In 1812 a 10 year old was given the responsibility of raising herself and her two younger brothers, this overwhelming task was in conjunction with the care-taking of her mentally ill mother and alcoholic father. Looking back on her life, the events of that fateful winter day visit in 1841, shaped her passion and future endeavours. The suffering of the insane inmates at the East Cambridge Jail, changed her forever. In retrospect, this sudden flash (heart wrenching visit) was the catalyst of inspiration that shaped her unwavering desire to help the weak and the mentally ill, this would be her calling. The girl was me. As I mentioned, In March 1841 I visited Cambridge House of Corrections to teach sunday class to female inmates. That day forever changed my life. I saw the mentally ill were living together with inmates they were living under poor conditions in which the patients were chained in dark enclosed spaces, lying in their own filth and wearing inadequate clothing. They were also physically and sexually abused. This caused me to take matters into my own hands, which lead me to deliver a report to the Massachusetts State Legislature regarding the poor living conditions at the prison. At first, I was criticized and the reports were denied, but after hiring an independent observation group, the legislature allocated funds to expand the State Mental Hospital at Worcester. What a victory this was.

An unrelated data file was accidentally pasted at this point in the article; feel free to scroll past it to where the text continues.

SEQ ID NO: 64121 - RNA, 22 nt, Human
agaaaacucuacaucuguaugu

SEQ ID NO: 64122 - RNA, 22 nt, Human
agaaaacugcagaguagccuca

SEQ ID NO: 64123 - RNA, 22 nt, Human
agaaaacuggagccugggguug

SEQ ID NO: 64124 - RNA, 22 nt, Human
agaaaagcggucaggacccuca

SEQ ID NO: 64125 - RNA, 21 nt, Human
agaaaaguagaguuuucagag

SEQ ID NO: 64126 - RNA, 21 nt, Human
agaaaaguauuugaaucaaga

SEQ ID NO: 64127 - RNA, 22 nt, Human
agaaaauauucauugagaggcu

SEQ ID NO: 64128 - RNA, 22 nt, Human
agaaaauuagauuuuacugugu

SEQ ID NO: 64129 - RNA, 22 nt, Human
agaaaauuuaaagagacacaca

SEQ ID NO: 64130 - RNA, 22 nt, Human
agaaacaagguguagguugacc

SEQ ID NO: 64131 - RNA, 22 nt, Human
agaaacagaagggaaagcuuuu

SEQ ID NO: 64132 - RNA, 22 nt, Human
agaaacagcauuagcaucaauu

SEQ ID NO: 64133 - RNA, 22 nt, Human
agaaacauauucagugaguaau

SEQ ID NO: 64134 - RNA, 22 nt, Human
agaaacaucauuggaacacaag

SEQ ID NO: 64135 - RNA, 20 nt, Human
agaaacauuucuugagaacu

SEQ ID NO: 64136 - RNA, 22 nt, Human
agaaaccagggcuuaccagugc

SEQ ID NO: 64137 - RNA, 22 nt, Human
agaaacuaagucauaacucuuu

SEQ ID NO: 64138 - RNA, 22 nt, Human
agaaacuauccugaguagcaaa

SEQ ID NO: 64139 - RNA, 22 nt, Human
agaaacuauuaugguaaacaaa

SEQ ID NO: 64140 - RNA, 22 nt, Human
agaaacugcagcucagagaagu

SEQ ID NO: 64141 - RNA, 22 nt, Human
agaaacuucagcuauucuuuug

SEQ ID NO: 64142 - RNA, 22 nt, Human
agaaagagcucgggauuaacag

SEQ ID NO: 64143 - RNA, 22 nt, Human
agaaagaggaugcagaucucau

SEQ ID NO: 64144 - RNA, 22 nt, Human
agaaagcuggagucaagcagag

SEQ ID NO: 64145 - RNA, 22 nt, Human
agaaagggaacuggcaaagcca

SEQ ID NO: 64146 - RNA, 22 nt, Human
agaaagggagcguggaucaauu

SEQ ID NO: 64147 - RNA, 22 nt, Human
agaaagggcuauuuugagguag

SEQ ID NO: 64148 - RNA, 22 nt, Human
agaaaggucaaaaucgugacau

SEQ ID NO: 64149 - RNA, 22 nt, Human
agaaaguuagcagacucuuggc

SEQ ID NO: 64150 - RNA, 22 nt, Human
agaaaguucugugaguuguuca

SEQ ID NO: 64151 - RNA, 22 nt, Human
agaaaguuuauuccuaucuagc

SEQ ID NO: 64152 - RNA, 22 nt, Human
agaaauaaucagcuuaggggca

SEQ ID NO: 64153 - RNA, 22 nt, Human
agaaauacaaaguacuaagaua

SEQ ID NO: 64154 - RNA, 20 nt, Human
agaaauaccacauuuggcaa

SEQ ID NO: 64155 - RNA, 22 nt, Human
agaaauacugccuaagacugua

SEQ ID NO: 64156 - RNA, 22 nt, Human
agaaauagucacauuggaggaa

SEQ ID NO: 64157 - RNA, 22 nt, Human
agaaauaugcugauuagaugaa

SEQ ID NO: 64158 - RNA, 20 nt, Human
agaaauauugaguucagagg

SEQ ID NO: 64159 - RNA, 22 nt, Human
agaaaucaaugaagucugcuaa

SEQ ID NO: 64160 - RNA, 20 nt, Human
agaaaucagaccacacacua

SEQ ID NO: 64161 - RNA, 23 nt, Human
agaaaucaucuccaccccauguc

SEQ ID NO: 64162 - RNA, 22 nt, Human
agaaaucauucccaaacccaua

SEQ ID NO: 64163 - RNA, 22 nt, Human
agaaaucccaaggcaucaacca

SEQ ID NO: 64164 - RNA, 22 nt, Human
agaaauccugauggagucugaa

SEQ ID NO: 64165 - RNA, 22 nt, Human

This began my drive for improvements of jails and care of the mentally ill in Massachusetts. This lead to the winning court battles for the mentally ill. In 1845 I wrote “Remarks of prison and prison discipline of the United States” which discussed the reforms that I wanted the government to implement. Some of the reforms that were to be implemented were the educating of prisoners and separatiion of various types of offenders which included murderers, rapists, and kidnappers from the mentally ill. I continued to advocate for these issues in...
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